How much noise is too much noise?
In this digital day of age, where everybody can buy a camera body what shoots at Iso 6400, for USD 300, does it really matter? In a marketplace where every image are resized to 600pix wide, if that, and where everybody can buy a professional Full Frame camera and a F1.4 prime for less than USD 1000, is photography dead? No! Have the barrier of entry been lowered? Significantly!
I am one of those who got let into photography, partially, by this lowered barrier of entry. Is it a bad thing? For some. Seasoned photographers have seen their work opportunities disappear. Did you know that Sport Illustrated have laid of their entire photography staff?: http://bit.ly/1BjDbfr
So, how much noise is too much?
Honestly, for web? Go as high as you need. I’ve seen shots as iso 6400 from older aps-c camera’s that had plenty of detail, yet little to no noise.
Does this mean you should just set it high, and forget it?
Most certainly not! At ANY iso, above native, you are loosing shadow and color information, as well as adding noise to your image. Does this kill your image? Probably not. But you should still care! You should care about any degradation in the image quality of your images. Just because it have become easier to get acceptable results, does NOT mean that getting the best result have gotten less important.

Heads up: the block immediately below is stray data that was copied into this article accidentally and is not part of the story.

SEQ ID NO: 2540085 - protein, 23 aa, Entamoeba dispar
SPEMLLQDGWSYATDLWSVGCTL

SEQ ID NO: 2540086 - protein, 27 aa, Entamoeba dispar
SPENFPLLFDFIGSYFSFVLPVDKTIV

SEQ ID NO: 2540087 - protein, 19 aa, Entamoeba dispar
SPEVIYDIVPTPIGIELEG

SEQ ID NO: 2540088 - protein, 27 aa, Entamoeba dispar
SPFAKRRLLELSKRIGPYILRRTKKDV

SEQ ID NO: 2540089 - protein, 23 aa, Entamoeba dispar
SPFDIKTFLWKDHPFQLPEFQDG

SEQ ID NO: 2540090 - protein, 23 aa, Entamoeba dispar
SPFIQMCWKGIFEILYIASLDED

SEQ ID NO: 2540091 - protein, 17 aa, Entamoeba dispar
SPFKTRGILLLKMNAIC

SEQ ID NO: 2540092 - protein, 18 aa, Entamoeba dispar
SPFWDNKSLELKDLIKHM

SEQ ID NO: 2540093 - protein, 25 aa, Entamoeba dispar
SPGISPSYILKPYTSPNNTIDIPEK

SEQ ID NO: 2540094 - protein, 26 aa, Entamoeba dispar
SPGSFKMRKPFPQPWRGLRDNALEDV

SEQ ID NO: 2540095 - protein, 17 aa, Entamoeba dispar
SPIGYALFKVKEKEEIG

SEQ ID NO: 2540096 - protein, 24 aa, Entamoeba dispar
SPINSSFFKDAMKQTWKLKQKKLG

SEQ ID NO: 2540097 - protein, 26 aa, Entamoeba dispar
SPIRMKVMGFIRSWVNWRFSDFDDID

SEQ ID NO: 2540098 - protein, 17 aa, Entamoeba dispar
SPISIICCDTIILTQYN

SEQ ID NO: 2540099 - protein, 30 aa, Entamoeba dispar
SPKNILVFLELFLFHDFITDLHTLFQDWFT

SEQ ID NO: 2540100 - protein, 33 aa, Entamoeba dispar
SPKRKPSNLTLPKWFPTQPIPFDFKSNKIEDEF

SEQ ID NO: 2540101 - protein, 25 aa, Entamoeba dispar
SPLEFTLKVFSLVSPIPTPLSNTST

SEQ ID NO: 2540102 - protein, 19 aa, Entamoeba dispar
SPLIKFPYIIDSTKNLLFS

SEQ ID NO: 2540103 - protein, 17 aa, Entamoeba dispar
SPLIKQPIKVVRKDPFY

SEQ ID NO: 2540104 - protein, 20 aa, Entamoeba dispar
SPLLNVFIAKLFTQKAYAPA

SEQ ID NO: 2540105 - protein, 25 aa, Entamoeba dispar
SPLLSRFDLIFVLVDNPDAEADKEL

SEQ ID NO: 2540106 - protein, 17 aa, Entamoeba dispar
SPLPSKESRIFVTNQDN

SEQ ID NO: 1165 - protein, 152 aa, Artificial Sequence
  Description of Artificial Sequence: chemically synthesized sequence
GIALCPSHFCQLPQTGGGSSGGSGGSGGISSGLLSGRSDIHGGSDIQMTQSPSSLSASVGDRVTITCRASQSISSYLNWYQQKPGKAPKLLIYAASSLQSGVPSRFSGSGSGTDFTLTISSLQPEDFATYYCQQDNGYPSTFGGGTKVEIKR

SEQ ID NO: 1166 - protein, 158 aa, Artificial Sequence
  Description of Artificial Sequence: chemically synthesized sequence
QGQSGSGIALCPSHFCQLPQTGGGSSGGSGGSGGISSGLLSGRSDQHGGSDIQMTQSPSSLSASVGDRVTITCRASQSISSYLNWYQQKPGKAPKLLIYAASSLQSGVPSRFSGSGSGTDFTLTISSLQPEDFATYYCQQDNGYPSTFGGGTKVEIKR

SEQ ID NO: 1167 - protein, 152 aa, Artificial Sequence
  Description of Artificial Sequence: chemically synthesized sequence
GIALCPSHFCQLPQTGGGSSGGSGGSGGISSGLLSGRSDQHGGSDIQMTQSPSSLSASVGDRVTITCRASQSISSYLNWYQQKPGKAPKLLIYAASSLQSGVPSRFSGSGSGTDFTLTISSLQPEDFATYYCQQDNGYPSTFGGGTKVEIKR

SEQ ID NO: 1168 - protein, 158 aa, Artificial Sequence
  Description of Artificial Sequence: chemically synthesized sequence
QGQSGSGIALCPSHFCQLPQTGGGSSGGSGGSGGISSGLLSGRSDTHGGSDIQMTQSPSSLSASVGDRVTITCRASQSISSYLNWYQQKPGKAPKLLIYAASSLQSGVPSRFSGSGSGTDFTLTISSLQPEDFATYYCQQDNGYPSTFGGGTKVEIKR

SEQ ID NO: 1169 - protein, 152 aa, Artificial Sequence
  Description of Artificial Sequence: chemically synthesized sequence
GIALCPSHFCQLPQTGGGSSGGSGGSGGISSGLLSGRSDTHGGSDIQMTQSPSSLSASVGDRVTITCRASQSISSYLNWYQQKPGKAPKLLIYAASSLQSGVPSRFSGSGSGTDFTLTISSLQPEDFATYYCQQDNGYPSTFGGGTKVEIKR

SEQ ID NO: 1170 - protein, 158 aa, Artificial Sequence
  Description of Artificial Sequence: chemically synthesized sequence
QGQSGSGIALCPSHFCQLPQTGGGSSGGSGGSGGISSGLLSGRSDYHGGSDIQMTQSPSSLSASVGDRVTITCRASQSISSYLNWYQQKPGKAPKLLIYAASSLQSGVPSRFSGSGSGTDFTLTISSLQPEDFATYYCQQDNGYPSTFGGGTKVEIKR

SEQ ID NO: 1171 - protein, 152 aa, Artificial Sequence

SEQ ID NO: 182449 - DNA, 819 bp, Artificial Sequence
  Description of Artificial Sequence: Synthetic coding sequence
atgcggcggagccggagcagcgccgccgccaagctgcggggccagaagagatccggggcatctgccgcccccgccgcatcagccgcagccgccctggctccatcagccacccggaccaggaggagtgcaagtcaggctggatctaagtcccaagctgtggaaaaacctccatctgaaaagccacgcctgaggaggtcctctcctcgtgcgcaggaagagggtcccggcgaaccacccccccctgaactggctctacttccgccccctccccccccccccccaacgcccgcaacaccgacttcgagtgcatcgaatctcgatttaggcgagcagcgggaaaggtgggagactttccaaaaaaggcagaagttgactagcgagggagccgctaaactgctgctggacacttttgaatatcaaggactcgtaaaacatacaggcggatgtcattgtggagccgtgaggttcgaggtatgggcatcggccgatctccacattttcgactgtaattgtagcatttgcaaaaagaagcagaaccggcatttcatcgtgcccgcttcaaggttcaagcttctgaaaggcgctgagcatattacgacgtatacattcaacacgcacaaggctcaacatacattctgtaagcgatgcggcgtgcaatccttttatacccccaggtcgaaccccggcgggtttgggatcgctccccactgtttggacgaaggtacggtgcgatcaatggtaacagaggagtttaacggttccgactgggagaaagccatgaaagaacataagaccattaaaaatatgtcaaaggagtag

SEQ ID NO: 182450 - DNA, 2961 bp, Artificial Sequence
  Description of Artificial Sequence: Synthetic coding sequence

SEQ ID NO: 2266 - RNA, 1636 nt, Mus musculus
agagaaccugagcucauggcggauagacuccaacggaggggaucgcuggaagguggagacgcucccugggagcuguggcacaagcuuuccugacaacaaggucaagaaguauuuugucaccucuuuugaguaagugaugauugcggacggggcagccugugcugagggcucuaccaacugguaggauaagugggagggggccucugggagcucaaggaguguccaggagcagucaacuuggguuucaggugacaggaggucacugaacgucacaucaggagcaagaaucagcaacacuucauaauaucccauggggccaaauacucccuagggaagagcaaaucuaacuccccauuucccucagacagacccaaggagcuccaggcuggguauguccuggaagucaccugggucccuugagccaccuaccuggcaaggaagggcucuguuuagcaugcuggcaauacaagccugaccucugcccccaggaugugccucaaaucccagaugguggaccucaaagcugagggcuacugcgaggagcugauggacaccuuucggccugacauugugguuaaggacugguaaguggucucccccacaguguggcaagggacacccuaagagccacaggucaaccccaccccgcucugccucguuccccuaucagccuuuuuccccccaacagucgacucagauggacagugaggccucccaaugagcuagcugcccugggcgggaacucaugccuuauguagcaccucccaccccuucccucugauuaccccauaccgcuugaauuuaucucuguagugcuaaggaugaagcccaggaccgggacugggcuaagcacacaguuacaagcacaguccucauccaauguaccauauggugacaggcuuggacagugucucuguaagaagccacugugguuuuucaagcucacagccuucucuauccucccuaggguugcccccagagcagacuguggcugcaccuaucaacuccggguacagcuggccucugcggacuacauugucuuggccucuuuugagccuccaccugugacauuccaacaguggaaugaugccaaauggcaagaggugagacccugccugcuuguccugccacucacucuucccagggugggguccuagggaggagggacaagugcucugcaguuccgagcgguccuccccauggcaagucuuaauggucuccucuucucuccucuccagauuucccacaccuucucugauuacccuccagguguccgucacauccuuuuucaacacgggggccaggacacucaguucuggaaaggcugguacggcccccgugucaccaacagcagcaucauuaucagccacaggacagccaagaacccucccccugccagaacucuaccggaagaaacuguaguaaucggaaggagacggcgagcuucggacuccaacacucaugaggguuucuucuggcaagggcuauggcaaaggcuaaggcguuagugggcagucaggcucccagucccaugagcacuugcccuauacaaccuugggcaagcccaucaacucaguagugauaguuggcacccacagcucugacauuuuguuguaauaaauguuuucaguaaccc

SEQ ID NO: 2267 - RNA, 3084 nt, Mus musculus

I’m happy to be where I’m at. I’ve learned SO much the past 30 months. And I’m not nearly finished learning. And photographers whom think they are, need to get a reality check.
If you do not know what you are doing, it makes little to no difference.
If you want to learn: buy an old semi-pro body that gives you easy access to manual controls.
If you want good images but don’t care about technice: Buy the latest entry level APC-c camera from nikon.
Are you a seasoned pro that want to challenge your selv: Shoot film! If you are doing it to challenge your shooting abilities, there is really no better way than to shoot film. It challenges you to know your exposure. Shoot at a lower ISO, and anticipate action.
For working pro’s: Really anything Full frame will create professional results.
Going with a d4s vs a d3 will set you back 4 times as much money, but will also grant you better dynamic range, even at 1.5 stop higher Iso.
Going with something like a D600, will get you the same noise level as a d4s, up till 12800, but a significantly lower dynamic range recorded. What’s the right for you? Well, I’ll let you decided that.
I shoot the ISO necessary to get the shot. If I have to go above 6400, I would rather shoot wide-aperture primes. But the D600 matches noise levels with the very best nikon cameras, even at iso 12800.
All pictures in this article was used with permission from the photographers.